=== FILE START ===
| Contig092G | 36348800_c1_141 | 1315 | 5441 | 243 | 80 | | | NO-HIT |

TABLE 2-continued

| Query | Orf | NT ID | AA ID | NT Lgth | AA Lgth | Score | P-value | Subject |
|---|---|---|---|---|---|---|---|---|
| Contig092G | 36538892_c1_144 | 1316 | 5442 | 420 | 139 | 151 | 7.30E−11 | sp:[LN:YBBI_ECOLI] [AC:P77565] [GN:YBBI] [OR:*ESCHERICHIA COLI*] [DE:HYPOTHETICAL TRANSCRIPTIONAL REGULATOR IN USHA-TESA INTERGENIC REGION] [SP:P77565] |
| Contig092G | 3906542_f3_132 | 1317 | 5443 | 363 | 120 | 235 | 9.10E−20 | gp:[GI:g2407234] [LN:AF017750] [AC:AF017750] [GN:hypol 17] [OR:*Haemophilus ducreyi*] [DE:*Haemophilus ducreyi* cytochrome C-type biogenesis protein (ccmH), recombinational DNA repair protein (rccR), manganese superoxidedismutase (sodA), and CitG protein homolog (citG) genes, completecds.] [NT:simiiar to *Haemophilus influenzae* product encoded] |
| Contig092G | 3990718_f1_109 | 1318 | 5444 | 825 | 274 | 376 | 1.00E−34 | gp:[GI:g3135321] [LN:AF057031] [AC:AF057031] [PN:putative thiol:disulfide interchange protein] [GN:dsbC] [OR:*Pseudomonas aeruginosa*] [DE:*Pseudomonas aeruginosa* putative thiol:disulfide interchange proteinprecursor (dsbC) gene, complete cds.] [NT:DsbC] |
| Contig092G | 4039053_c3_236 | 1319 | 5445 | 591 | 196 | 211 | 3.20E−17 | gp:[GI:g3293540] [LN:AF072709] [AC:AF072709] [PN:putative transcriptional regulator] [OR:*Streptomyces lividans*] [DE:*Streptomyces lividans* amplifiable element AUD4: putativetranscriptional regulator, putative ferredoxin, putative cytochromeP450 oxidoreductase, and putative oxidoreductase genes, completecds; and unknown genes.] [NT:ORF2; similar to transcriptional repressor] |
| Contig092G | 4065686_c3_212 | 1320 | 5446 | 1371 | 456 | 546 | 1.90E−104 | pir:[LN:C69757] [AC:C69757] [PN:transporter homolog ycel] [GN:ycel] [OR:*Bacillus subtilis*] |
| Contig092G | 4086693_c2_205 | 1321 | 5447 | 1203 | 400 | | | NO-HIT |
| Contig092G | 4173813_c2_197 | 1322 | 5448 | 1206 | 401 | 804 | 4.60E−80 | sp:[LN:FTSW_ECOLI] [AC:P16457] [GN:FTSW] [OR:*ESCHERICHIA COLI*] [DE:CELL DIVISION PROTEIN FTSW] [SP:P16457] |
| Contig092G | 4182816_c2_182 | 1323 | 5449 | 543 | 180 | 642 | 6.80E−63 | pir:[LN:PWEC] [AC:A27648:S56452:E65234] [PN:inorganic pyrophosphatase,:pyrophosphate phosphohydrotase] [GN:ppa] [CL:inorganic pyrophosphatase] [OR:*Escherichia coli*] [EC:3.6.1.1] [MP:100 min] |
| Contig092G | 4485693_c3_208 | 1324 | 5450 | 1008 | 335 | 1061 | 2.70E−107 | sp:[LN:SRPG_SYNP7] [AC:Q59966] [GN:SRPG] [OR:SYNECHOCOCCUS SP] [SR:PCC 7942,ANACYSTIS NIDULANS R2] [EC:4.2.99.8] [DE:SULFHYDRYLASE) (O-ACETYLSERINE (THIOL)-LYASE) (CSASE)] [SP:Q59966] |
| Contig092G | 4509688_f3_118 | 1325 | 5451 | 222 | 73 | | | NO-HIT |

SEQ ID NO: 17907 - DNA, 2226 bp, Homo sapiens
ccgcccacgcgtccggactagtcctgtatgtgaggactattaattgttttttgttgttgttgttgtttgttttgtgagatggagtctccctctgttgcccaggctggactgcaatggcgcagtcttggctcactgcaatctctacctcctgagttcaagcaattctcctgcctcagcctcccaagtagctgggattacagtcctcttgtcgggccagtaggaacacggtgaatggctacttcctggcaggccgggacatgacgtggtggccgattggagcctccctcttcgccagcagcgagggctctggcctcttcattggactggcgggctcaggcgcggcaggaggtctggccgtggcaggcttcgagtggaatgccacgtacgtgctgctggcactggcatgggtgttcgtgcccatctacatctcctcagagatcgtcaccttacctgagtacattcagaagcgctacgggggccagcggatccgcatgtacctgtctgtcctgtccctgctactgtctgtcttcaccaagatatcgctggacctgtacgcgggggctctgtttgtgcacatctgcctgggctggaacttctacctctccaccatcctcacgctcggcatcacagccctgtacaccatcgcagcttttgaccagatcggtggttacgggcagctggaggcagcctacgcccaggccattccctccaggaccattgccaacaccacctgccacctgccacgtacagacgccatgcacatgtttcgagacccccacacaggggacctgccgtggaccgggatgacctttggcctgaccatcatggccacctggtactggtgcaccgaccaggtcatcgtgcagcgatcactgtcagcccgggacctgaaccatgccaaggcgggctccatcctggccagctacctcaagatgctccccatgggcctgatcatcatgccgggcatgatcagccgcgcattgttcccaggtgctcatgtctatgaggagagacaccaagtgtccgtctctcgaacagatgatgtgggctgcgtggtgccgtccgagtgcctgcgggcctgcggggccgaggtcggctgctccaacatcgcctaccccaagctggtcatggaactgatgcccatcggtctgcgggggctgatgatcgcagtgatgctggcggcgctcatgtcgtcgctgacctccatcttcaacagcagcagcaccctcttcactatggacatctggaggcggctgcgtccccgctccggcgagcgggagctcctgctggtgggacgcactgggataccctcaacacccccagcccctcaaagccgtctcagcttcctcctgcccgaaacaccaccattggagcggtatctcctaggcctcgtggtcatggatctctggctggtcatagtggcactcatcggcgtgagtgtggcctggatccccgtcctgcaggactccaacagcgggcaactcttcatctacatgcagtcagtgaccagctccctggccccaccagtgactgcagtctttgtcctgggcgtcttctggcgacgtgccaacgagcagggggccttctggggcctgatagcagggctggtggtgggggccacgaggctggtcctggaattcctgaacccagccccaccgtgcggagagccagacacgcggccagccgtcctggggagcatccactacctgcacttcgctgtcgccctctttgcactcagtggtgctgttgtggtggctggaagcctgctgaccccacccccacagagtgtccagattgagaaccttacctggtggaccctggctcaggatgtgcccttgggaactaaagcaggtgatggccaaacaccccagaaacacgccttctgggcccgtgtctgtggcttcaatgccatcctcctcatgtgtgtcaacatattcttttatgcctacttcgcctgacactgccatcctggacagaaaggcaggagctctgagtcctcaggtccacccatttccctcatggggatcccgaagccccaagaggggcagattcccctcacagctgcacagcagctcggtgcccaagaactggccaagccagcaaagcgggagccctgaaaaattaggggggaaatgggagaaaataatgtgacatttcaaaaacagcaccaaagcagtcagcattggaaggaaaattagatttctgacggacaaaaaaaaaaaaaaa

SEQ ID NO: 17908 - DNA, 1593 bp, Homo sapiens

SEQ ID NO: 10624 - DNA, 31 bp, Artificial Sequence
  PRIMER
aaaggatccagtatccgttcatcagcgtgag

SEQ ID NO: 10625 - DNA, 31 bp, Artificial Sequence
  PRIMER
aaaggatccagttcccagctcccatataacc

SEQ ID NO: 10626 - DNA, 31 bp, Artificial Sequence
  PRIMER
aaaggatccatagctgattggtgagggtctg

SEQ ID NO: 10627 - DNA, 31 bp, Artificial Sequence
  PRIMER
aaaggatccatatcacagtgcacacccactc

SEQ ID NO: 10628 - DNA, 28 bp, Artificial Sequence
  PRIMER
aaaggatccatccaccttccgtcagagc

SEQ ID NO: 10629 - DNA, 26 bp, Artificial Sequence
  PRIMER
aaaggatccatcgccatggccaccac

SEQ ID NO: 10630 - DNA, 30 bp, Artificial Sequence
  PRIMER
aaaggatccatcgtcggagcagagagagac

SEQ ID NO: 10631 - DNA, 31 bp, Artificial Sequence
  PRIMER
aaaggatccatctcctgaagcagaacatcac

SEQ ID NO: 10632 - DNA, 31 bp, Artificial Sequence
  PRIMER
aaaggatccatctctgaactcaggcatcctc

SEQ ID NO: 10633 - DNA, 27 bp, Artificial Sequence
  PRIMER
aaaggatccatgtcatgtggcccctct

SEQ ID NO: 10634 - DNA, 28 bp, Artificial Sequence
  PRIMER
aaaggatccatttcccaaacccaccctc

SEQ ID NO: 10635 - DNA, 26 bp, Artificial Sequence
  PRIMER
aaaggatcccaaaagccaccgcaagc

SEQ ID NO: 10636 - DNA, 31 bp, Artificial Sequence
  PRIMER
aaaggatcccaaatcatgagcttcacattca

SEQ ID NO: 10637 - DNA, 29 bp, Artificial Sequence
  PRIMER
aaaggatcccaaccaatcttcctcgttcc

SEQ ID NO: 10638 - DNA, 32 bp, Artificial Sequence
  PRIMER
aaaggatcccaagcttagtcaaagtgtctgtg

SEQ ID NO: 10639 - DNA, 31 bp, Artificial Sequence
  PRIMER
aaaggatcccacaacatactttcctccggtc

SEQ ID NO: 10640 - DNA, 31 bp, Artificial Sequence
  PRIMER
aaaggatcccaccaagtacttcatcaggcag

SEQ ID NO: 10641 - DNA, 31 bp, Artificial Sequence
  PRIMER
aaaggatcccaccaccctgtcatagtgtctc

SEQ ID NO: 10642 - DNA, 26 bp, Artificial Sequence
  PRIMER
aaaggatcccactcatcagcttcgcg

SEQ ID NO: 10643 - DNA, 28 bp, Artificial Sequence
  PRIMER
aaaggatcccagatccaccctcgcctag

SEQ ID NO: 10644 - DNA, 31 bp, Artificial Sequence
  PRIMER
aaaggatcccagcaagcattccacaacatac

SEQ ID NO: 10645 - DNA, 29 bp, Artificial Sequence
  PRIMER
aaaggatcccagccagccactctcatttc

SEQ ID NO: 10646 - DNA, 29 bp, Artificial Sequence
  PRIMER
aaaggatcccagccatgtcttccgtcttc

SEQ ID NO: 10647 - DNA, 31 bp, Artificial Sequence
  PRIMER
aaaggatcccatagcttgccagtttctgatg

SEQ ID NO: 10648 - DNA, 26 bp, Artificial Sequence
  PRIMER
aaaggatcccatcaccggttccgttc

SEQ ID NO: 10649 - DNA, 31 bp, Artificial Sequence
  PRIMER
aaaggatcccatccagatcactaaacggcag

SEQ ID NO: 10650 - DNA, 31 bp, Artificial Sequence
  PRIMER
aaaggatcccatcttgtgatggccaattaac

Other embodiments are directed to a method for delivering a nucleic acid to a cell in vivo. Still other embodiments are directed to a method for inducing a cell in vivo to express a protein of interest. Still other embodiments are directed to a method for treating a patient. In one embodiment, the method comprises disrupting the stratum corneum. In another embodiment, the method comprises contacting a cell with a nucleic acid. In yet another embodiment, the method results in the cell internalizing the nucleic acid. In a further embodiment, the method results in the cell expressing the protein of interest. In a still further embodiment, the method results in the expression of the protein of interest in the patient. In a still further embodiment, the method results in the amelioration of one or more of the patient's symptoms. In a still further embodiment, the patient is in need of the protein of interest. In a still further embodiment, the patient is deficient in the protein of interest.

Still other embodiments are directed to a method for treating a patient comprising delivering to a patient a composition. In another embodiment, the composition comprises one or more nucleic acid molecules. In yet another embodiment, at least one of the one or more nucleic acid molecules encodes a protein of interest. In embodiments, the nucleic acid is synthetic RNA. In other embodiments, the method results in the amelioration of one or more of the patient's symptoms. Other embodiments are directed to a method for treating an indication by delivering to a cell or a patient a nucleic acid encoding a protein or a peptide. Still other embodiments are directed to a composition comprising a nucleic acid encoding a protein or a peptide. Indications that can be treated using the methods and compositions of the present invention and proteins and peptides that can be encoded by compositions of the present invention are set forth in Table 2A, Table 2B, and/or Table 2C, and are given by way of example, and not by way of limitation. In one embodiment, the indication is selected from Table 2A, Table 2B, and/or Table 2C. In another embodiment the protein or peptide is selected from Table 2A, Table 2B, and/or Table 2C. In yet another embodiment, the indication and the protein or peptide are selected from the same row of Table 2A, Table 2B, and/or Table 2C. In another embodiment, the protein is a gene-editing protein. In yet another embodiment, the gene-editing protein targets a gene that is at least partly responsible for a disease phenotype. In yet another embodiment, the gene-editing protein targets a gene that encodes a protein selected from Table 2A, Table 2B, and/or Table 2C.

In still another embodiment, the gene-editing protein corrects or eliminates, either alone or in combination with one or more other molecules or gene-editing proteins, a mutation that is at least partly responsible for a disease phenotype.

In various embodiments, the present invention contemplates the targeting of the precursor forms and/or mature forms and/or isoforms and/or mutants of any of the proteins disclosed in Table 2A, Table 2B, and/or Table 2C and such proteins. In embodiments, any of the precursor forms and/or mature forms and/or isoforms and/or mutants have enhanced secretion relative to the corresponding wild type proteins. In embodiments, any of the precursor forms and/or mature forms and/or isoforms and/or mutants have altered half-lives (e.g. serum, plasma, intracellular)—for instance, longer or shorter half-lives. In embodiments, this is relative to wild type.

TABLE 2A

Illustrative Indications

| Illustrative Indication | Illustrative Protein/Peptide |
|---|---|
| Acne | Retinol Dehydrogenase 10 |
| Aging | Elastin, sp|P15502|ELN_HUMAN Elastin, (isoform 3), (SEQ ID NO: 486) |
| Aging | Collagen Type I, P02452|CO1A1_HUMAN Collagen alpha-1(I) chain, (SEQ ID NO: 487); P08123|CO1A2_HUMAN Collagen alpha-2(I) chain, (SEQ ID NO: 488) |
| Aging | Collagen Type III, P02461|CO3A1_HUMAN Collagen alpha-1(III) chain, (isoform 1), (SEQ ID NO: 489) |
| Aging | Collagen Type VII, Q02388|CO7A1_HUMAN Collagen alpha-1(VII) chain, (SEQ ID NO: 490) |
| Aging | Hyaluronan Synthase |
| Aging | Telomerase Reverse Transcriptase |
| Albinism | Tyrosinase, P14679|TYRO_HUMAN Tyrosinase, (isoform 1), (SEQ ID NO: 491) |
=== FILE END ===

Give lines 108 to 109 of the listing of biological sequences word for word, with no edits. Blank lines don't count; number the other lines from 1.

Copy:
| Aging | Elastin, sp|P15502|ELN_HUMAN Elastin, (isoform 3), (SEQ ID NO: 486) |
| Aging | Collagen Type I, P02452|CO1A1_HUMAN Collagen alpha-1(I) chain, (SEQ ID NO: 487); P08123|CO1A2_HUMAN Collagen alpha-2(I) chain, (SEQ ID NO: 488) |